As I’m writing this, yesterday marks my sixth month anniversary of being a fully qualified driver. I can’t say that its gone without a hitch, there has been a few scrapes here and there but nothing that has put me out the game. In saying that, today also marks the day that I had to check my car- a lovely, copper, Gumtree find- into the garage, more than likely for a very expensive fix after it decided to start making some crazy noises yesterday halfway to my destination. Anyway, I have decided to take this time to talk about the whole driving experience as a whole, because its not really a subject I see a lot of people talking about, but I think it has some pretty important aspects. So, get your popcorn ready, it’s story time.
There is a lot of hype put on learning to drive. It’s expensive and takes up a lot of your personal time (if you’re like me and took a while to pick it all up). I turned seventeen in March of 2015 and wasn’t entirely eager to start learning straight away, and I wasn’t keen on being the first of my friends to go through it all as I was going in completely blind to everything, with no idea what a clutch was. However, my mums friend had just qualified as a driving instructor and I was essentially tag teamed into starting- not that I’m complaining, had they not I may still be sitting here waiting on my dad to come home and give me a lift. I was booked in for my first lesson towards the end of May.
I hated it. So much so, that after my first couple of lessons I took a massive break over the summer. I hated the responsibility, I hated the pressure, and I hated having the safety of basically every other driver fall into my hands. But once again, I got a kick up the butt and got myself together. The next step was my theory test, which after months and months of putting it off, eventually got booked for early December. I passed, barely on the hazard perception section, but it was enough to mean that it was now time for the important part- the practical test.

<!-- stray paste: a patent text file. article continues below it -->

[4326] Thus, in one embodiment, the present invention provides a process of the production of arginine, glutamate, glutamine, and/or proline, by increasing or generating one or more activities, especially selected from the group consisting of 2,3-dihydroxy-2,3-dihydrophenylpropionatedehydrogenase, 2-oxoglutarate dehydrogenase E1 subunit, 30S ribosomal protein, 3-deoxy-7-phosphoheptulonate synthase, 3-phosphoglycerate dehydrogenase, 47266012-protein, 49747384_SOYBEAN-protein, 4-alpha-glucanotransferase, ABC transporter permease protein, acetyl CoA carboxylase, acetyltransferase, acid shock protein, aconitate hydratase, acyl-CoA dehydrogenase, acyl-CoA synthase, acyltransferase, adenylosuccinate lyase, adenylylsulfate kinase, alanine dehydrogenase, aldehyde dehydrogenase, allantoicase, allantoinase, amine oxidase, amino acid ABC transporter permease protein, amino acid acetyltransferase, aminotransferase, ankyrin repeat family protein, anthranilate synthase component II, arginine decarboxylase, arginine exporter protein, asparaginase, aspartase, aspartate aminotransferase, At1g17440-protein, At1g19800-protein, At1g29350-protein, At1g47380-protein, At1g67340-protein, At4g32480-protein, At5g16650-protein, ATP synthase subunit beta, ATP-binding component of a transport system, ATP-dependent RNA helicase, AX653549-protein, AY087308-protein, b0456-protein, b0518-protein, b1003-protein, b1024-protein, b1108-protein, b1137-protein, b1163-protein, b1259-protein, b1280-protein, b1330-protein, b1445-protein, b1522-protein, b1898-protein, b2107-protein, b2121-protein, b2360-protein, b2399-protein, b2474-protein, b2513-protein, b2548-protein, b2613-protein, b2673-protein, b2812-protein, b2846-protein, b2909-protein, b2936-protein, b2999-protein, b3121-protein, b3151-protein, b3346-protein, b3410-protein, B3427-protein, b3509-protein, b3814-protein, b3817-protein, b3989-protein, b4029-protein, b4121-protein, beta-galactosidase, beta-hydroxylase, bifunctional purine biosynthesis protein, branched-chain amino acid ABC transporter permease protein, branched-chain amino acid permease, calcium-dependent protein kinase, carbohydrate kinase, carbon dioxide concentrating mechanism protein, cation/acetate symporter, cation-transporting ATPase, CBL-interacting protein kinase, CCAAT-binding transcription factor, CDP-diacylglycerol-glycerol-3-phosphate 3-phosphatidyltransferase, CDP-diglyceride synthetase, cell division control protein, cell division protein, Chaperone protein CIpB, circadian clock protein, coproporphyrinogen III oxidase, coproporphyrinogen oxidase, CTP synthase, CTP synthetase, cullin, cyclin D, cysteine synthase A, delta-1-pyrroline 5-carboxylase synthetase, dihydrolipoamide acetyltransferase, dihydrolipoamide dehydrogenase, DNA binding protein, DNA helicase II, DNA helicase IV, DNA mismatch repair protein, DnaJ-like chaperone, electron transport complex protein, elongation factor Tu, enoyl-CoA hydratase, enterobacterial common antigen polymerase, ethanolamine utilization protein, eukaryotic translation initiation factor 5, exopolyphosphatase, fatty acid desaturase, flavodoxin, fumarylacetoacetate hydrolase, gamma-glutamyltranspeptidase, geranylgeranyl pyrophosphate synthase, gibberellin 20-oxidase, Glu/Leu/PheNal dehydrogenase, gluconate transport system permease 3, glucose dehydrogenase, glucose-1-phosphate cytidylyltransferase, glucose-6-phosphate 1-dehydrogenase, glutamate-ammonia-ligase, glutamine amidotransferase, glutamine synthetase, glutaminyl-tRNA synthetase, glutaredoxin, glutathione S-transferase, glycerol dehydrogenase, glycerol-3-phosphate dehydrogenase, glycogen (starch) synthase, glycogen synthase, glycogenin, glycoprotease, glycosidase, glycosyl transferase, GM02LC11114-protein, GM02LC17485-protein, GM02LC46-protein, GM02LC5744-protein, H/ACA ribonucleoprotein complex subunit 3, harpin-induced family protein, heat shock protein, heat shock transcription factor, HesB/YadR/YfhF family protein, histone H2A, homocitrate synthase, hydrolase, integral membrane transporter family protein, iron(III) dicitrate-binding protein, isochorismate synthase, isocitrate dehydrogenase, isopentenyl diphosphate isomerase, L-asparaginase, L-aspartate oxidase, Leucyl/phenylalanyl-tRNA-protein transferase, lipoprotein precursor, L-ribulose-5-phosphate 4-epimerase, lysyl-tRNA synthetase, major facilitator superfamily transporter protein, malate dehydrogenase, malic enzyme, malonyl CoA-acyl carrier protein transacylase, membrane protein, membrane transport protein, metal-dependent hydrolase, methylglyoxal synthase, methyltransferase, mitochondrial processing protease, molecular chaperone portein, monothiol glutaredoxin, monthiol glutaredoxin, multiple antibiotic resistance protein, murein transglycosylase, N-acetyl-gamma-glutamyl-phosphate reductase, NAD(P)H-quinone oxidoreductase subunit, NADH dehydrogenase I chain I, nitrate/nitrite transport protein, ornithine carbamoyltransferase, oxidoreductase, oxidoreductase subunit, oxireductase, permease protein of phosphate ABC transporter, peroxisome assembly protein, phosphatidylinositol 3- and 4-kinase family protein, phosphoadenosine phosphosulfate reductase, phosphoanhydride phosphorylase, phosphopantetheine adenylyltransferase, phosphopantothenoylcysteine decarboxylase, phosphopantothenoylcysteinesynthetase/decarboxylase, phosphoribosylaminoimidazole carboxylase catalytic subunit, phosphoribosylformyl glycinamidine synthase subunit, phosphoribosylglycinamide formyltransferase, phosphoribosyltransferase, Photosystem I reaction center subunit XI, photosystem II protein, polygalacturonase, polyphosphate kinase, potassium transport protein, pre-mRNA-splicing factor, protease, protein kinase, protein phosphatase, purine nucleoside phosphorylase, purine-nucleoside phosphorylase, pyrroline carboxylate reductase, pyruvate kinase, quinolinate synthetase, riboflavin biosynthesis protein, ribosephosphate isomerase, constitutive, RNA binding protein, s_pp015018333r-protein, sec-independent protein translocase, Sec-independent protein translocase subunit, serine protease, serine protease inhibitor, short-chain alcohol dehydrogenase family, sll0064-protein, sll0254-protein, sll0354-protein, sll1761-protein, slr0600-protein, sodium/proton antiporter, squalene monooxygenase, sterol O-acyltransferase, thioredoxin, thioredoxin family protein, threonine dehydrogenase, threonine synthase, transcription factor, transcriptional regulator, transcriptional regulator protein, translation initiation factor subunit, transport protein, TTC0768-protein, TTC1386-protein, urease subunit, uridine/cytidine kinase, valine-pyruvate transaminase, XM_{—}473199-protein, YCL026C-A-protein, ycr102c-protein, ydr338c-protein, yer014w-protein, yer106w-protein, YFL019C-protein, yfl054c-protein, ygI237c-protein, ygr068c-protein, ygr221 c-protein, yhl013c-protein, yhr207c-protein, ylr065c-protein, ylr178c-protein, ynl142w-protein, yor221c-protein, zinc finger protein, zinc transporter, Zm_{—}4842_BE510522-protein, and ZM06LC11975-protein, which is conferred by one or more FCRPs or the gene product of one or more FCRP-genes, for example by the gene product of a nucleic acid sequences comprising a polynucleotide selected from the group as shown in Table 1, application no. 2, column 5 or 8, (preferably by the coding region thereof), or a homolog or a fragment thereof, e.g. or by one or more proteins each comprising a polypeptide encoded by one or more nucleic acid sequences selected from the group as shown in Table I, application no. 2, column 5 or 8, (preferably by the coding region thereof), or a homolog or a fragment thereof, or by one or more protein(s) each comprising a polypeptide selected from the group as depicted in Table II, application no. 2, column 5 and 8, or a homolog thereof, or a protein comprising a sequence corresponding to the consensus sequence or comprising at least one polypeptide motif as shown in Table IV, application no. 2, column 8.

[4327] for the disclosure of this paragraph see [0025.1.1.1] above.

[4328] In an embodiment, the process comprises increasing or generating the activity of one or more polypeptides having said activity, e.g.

I was eager to pass before my eighteenth birthday and so, when a date became available early March, I took it. Fast forward to the eight of March 2016 and I’m a fully qualified driver, with her own car and personal registration plate. And that’s when the hype died down. I struggled, going from being constantly supervised and having to take people places, navigate the motorway, suss out all the speed limits, all while trying not to kill anyone. However, in the beginning, the novelty of it all kept me going.
I had a load of expectations when learning to drive. I envisioned road trips, late night drives and essentially just the freedom of having a license and being able to go wherever I wanted, whenever I wanted. Instead, for the most part, all I received was bucket loads of anxiety. I hate unfamiliar roads, I hate roundabouts, I hate the motorway, and once again, the responsibility of everything that comes along with that rectangular piece of plastic ID.
I only ever feel confident in myself when I’m driving with no passengers, on roads I know, and singing a song I really like. I guess that in itself is a type of freedom I never had before, but it’s not to the extent I was expecting. I know confidence comes with experience, but I thought six months down the line I would be better than this.